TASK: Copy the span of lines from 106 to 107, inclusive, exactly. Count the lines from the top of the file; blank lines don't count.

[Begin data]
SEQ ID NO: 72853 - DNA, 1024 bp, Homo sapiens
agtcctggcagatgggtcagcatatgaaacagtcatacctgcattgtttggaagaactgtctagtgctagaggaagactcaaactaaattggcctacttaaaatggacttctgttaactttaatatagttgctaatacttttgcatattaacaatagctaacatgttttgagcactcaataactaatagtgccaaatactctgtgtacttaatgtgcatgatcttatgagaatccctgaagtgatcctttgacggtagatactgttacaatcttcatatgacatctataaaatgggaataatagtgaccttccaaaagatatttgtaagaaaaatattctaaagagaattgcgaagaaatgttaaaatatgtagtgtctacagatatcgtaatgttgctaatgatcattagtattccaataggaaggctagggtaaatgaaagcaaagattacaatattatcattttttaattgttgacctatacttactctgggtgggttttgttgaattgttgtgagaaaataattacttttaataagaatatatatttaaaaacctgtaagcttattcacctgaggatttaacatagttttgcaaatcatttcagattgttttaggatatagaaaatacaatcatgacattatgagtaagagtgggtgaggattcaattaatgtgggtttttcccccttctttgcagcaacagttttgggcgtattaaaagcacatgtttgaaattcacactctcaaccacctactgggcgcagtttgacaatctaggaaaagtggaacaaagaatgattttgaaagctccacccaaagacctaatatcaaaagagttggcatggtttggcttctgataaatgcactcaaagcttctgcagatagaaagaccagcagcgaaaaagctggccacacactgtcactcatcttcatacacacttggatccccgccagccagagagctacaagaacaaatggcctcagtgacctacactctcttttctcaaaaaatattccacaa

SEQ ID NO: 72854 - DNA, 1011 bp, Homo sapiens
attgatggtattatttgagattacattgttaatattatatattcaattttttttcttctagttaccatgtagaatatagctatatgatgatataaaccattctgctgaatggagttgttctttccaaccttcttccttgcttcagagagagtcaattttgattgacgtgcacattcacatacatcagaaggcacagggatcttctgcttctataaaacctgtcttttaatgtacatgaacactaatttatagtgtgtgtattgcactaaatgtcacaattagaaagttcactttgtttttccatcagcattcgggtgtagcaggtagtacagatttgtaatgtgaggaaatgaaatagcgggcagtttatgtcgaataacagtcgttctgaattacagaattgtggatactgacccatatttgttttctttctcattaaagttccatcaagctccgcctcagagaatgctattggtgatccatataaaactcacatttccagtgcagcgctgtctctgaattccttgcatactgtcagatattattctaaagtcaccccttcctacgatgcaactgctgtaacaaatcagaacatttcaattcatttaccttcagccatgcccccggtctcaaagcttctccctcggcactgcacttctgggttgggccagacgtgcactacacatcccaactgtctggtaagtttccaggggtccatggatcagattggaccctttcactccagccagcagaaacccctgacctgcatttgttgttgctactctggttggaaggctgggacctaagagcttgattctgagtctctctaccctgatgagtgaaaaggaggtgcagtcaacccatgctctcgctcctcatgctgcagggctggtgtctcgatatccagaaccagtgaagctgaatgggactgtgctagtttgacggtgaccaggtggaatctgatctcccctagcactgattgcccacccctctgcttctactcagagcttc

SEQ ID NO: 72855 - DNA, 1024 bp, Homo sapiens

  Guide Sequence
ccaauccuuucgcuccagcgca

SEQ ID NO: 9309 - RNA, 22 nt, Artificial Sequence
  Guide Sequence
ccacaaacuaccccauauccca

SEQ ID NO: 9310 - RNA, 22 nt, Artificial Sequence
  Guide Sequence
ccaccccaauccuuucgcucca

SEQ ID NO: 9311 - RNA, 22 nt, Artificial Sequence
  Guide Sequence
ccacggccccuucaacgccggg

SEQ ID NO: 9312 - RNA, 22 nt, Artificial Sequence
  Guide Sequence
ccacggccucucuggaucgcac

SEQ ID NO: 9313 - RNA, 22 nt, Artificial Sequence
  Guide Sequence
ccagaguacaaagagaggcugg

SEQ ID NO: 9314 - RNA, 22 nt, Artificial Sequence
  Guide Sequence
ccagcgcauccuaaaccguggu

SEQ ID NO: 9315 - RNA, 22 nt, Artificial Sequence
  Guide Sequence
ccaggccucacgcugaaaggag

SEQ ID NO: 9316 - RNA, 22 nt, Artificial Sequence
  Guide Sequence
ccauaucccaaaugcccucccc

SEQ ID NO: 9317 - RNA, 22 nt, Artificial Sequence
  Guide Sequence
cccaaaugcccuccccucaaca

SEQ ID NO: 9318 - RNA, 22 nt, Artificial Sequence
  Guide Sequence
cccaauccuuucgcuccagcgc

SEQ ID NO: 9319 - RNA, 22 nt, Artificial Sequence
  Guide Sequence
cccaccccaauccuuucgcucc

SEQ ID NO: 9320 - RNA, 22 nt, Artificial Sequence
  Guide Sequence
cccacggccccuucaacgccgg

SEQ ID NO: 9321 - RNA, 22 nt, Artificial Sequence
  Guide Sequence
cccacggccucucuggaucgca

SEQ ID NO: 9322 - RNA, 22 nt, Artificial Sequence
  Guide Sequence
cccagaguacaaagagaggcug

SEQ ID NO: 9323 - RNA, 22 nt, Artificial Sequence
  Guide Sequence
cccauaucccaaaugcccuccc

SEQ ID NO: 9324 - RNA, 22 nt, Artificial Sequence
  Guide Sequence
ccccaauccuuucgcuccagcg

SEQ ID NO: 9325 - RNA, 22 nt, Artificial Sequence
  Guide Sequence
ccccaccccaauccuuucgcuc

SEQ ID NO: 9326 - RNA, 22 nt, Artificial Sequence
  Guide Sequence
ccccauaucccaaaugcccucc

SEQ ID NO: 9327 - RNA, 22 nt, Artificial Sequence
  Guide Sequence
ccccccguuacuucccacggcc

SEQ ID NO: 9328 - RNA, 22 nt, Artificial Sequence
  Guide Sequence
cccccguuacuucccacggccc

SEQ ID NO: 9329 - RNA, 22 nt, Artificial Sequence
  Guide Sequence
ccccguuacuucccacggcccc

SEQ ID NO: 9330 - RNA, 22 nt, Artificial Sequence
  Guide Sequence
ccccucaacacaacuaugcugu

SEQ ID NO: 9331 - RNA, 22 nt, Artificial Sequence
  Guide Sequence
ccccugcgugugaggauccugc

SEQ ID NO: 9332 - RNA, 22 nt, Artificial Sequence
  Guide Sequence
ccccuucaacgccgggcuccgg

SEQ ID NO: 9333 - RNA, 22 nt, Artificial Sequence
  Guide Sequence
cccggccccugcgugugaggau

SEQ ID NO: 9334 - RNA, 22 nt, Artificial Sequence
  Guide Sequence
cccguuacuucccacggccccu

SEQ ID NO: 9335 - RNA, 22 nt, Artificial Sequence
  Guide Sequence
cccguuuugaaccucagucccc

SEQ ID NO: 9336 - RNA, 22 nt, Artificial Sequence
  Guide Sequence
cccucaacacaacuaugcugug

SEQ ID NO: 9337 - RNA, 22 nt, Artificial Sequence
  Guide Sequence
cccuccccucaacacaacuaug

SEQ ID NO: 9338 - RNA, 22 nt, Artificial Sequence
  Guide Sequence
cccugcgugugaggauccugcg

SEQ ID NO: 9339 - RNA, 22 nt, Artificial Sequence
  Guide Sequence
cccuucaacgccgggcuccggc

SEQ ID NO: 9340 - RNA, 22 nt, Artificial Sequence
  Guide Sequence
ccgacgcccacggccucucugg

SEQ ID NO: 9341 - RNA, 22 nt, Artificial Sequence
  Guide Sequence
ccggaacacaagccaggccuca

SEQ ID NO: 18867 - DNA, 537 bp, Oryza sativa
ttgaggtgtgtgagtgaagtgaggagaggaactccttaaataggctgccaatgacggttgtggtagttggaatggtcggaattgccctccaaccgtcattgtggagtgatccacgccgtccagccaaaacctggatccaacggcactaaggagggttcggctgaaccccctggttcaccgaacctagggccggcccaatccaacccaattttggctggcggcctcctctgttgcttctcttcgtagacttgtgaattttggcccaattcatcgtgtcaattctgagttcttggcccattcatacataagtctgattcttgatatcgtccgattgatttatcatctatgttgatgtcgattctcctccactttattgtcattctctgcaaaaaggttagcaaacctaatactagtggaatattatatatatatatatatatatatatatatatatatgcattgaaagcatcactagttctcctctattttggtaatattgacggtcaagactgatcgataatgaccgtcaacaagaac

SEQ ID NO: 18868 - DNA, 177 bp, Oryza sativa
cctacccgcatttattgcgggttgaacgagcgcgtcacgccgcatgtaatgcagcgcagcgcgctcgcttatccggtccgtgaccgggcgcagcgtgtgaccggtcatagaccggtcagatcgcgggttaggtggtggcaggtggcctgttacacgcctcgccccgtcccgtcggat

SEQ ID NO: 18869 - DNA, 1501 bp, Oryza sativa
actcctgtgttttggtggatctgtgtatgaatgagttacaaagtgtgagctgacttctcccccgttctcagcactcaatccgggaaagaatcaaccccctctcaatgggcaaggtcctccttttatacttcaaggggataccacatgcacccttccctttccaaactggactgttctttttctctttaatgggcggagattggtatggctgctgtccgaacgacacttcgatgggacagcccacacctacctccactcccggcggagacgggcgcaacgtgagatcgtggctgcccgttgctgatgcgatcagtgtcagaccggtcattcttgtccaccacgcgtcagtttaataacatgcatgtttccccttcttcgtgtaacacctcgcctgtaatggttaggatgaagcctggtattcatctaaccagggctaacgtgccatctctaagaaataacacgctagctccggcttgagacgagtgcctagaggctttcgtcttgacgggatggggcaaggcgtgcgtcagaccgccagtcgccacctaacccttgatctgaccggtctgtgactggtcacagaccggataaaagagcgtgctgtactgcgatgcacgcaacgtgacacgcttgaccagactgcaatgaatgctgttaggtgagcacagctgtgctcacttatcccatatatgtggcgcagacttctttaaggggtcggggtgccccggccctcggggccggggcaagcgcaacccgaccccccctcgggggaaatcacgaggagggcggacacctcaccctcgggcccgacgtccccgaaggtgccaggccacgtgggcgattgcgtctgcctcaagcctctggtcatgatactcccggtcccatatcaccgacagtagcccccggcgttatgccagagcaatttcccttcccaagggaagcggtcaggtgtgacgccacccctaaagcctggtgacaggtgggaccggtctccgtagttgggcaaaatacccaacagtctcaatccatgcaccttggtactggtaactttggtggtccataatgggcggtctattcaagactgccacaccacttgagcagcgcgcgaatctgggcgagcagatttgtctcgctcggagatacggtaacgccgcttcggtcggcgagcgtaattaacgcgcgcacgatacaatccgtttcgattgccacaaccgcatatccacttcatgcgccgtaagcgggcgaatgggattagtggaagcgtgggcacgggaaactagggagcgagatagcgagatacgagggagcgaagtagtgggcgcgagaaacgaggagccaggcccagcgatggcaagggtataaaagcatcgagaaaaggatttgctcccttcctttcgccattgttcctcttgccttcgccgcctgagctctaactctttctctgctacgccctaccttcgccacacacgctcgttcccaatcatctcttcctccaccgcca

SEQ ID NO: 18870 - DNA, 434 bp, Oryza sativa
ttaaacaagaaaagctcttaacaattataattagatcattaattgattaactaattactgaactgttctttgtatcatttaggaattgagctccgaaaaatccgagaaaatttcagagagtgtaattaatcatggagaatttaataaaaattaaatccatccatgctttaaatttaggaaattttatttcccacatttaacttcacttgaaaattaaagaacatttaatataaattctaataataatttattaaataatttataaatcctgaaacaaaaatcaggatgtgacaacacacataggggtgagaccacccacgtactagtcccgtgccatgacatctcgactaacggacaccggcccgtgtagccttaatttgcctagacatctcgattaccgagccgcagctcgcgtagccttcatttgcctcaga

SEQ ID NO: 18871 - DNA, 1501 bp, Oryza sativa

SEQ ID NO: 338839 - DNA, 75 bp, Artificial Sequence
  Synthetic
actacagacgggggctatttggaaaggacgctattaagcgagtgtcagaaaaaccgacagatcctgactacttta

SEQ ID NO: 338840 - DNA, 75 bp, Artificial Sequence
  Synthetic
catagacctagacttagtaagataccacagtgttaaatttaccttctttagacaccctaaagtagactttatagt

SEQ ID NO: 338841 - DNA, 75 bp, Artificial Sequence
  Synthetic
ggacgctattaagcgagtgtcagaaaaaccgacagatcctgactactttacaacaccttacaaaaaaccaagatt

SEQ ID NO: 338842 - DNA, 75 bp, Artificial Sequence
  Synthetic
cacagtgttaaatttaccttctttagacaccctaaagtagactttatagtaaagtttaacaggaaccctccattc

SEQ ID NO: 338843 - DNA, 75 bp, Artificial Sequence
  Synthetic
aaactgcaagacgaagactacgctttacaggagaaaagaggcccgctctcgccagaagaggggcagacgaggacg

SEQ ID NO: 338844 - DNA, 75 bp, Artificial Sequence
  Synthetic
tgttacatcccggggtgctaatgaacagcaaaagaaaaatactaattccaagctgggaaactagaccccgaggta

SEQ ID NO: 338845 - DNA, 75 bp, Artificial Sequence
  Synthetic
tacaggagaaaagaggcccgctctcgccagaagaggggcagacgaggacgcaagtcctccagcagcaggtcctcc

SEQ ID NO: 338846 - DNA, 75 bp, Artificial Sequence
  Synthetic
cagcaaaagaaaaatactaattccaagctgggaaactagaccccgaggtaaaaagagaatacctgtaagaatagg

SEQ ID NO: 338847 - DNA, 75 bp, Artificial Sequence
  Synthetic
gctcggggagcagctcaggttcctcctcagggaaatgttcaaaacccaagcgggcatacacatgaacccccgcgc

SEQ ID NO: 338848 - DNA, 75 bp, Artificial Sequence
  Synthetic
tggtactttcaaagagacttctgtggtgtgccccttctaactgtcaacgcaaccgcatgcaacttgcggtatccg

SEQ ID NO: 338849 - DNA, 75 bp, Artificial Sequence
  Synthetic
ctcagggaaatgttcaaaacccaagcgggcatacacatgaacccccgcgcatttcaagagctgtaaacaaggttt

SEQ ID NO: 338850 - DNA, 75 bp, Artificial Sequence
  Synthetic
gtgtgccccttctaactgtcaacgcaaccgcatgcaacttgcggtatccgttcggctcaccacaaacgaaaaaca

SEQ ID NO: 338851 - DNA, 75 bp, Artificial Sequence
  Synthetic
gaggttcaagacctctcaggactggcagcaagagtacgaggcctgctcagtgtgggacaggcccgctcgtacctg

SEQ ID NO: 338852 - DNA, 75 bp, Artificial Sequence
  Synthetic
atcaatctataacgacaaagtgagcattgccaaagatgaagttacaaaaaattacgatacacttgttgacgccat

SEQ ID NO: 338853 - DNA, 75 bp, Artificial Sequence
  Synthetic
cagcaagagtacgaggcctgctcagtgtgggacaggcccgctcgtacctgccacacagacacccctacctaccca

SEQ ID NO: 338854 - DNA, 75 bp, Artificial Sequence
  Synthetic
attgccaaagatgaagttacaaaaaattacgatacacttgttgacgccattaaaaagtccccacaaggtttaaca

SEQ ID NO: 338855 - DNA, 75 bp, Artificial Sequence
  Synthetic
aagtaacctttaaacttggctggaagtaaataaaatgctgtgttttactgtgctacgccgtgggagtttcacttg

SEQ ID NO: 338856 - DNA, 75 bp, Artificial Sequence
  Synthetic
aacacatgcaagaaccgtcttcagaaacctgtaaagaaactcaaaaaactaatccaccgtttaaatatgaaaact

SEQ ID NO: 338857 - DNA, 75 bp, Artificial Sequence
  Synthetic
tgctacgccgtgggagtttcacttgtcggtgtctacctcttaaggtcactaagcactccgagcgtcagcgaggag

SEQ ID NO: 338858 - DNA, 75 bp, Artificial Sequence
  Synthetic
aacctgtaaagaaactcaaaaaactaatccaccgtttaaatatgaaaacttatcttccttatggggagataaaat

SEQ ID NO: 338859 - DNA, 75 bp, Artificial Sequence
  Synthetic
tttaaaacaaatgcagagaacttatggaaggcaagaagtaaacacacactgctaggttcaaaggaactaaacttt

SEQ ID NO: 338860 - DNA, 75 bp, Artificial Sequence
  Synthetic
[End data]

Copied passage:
ccggaacacaagccaggccuca

SEQ ID NO: 18867 - DNA, 537 bp, Oryza sativa